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New York CPLR Rule 3216: Want of Prosecution

Posted by Arnold A. Arpino | Jul 30, 2015 | 0 Comments

What happens if you are sued and the plaintiff does not do prosecute the case?  After the plaintiff files and serves a lawsuit, if the defendant files an answer - typically the plaintiff or defendant will have to move the case forward.  However, the defendant rarely has an incentive to bring the case before a judge or a arbitrator (unless they have a very strong belief they will prevail on a motion to dismiss).  The plaintiff might not move the case forward either.  This could be for a variety of reasons.  It could be law office failure, the plaintiff not wanting to litigate a case with attorneys on both sides.  This has been really popular in the high volume world of debt buyer lawsuits. It could be speculated that the debt buyer would rather not waste time and resources prosecuting a claim against a defendant who is represented by counsel. 

 So what is your remedy as a defendant if a plaintiff does not move the case forward? Look no further than CPLR 3216, which reads in part "Where a party unreasonably neglects to proceed generally in an action or otherwise delays the prosecution thereof against any party who may be liable to a separate judgment, or unreasonably fails to serve and file a note of issue, the court, on its own initiative or upon motion, may dismiss the party's pleading on terms."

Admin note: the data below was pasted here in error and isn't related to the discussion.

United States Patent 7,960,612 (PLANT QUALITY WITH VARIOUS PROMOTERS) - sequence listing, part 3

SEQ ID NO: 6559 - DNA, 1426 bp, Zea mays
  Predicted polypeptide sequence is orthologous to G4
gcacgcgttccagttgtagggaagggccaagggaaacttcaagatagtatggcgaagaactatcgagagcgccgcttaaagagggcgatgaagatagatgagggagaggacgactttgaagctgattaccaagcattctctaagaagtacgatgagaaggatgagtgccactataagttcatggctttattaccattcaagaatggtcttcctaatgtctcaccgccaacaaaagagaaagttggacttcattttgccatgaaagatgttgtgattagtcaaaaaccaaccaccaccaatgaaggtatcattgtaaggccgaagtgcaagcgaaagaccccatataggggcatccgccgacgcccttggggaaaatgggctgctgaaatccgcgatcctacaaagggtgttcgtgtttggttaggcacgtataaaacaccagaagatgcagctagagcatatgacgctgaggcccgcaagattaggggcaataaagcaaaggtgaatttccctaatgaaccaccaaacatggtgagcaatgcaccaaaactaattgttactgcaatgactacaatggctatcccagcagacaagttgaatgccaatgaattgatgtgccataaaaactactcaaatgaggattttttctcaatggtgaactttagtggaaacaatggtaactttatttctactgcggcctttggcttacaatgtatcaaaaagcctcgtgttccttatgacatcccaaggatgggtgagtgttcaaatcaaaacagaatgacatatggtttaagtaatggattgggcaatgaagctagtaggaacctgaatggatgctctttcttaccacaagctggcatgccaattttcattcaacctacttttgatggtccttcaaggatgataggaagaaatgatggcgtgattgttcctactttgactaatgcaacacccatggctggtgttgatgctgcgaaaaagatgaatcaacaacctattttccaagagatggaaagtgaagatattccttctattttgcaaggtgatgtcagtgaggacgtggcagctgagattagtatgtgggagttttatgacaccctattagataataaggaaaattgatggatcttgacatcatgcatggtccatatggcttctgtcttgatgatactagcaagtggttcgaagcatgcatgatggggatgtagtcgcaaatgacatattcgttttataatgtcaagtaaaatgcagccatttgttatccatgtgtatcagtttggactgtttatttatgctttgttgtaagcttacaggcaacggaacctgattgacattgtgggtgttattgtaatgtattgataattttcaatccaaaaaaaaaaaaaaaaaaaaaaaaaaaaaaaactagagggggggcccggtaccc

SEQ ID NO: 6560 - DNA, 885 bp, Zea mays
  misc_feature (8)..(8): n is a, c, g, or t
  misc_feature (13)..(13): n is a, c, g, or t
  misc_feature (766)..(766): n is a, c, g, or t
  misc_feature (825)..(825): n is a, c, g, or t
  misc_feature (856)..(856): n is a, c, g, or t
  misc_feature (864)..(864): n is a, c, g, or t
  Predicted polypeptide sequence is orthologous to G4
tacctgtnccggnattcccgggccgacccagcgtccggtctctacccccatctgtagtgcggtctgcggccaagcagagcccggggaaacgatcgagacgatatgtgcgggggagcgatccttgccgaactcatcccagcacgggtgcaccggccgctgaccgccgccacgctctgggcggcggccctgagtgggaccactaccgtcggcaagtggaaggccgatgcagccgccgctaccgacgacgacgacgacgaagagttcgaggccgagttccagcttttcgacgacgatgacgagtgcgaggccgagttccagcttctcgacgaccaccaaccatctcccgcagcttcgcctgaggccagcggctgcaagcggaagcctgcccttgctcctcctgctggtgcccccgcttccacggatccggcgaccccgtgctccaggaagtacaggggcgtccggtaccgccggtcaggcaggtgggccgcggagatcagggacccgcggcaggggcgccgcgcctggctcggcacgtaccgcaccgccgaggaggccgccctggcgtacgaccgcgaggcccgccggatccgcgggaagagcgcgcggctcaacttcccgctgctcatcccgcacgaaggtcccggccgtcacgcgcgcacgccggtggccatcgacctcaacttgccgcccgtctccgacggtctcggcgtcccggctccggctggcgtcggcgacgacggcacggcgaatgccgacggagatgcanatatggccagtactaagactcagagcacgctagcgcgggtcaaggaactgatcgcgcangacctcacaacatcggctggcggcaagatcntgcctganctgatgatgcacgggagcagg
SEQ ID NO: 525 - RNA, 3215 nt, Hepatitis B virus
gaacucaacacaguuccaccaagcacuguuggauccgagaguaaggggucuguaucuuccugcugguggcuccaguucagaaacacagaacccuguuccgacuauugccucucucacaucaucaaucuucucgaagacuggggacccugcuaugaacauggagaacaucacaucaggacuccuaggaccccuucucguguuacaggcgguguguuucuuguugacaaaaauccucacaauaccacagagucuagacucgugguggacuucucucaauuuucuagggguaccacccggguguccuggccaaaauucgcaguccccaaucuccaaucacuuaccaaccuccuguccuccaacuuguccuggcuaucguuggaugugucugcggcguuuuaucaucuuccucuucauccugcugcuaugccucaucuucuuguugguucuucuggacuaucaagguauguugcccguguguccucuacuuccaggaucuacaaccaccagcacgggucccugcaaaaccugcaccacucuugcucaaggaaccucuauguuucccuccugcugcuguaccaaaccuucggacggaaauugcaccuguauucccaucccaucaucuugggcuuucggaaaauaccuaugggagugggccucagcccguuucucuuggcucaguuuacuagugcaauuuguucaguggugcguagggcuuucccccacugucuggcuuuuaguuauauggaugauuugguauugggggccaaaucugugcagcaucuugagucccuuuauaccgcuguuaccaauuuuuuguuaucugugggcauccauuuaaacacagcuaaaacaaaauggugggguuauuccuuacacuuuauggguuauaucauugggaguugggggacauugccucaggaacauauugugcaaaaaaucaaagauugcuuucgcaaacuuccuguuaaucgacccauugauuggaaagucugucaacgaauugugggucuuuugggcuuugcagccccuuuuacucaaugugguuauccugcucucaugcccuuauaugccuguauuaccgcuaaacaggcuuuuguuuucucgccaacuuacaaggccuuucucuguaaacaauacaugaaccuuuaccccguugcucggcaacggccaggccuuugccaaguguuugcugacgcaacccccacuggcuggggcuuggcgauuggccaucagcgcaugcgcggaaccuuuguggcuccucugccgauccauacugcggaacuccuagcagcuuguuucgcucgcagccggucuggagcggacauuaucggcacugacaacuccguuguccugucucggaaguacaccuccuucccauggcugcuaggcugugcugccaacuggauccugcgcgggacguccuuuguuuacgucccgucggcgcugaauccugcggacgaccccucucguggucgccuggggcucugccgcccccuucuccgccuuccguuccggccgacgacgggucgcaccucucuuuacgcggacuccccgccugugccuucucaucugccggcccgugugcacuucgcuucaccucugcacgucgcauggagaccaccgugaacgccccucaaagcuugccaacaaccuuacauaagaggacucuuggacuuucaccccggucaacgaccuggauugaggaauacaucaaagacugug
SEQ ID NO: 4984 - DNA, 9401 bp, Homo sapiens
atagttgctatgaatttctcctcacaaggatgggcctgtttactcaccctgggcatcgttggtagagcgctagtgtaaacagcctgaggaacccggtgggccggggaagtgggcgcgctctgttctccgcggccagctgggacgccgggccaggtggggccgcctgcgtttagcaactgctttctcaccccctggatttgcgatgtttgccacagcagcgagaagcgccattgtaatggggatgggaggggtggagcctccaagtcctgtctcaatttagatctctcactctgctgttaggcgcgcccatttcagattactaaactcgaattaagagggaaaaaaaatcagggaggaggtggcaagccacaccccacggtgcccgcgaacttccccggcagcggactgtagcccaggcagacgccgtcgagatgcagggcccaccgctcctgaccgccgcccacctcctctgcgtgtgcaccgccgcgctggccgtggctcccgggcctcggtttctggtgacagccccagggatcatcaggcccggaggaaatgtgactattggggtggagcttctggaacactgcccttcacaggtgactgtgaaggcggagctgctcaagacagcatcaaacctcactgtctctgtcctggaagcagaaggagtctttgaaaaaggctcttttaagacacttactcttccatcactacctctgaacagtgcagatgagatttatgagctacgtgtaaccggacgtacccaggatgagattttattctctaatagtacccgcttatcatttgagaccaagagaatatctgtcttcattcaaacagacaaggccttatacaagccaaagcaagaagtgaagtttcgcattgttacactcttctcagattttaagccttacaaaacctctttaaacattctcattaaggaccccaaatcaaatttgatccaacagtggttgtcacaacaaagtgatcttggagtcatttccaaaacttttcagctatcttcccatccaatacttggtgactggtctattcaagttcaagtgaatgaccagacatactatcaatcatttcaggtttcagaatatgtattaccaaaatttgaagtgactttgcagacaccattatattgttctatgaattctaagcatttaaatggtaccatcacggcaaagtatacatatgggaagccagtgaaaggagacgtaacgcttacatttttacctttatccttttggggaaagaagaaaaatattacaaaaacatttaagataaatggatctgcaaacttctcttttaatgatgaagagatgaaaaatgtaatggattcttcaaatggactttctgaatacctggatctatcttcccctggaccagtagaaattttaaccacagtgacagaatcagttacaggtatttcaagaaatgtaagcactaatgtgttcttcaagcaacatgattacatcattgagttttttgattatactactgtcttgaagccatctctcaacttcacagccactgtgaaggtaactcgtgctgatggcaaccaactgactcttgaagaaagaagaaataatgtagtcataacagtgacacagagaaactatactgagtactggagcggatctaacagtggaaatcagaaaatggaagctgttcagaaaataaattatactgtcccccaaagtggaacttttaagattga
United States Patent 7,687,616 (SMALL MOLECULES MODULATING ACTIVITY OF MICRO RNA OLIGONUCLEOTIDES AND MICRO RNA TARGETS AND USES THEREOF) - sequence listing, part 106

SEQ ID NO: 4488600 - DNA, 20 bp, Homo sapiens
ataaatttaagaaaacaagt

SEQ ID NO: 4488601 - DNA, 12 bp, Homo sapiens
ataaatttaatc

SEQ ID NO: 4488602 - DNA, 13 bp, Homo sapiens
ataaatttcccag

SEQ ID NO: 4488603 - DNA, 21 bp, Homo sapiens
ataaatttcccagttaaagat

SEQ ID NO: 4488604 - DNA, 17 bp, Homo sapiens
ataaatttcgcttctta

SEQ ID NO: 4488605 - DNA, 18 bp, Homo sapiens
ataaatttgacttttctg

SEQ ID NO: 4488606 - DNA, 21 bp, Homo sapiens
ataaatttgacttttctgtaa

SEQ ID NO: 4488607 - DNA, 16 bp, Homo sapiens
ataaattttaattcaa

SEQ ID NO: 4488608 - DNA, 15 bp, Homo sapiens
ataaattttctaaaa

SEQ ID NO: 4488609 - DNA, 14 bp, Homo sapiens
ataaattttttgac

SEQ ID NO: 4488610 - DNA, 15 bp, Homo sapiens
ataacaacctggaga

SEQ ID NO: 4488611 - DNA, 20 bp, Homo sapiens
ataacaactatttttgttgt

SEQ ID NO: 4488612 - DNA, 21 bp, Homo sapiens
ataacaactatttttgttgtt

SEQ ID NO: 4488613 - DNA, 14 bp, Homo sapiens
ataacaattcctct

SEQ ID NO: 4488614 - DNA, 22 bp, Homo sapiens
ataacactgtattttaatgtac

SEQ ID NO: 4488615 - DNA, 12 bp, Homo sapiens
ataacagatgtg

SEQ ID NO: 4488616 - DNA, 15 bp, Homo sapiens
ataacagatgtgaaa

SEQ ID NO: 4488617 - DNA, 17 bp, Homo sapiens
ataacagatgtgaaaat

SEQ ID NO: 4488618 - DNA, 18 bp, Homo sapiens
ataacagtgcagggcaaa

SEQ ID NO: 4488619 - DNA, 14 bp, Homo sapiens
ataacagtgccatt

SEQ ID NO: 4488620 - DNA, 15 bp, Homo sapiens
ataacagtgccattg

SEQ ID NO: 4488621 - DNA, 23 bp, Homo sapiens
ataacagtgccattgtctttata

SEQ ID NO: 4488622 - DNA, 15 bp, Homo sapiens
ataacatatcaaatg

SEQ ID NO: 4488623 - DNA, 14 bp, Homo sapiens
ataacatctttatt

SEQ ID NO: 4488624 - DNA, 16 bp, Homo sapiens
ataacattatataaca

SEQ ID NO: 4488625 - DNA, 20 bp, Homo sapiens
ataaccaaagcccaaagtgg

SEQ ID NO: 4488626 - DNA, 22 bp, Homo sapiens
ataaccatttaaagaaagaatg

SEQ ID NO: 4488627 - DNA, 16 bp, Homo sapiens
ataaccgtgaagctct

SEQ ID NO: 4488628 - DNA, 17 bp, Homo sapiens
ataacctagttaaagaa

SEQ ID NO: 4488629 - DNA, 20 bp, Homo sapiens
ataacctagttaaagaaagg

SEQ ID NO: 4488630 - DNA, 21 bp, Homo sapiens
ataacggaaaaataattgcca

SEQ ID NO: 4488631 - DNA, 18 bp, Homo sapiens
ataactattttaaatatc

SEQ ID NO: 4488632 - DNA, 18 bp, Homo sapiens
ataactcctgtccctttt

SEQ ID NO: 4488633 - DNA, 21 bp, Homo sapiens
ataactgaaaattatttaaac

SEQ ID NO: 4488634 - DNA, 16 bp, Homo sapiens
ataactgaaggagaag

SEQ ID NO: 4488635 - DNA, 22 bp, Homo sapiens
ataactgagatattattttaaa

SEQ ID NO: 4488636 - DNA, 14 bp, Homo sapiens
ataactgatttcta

First, it is important to note that the dismissal is without prejudice, and the dismissal is not on the merits.  This means the plaintiff has the option to re-file.

 Also, the defendant is not permitted to move for dismissal unless the following conditions are met:

1) Issue must have been joined (meaning an answer has been filed).

2) One year must have elapsed since the joinder of the issue.

3) The Court or party seeking the relief, shall have served a written demand through registered or certified mail requiring the party against whom relief is sought to resume prosecution of the action and to serve and file a note of issue (or notice of trial if not in Supreme Court) within 90 days of such demand, and further stating that the default by the party upon whom such notice is served will serve as a basis for a motion to dismiss the complaint. 

 If the party serves and files the note of issue within the 90 day period after receiving the demand, that shall be deemed good and sufficient compliance with the demand and diligent prosecution of the action. 

Lastly, it is important to note that the Court has very broad discretion in deciding whether or not to dismiss the case. The Courts have ruled that CPLR 3216 is an extremely forgiving statute. See: Baczkowski v. Collins Constr. Co., 89 NY2d 499, 503 [1997].  Further, the statute does not require, but merely authorizes the Court to dismiss the plaintiffs action for lack of prosecution See: Davis v. Goodsell, 6 AD3d 382, 383 [2004]

About the Author

Arnold A. Arpino

Arnold practices Creditor's Rights & Collections, Health Law, Real Estate, & Estate Planning.

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Arnold A. Arpino & Associates, P.C., is a full service law firm that represents individuals and businesses in a variety of different practice areas. Our firm regularly appears in the Courts throughout Long Island, New York City, and the Hudson Valley.

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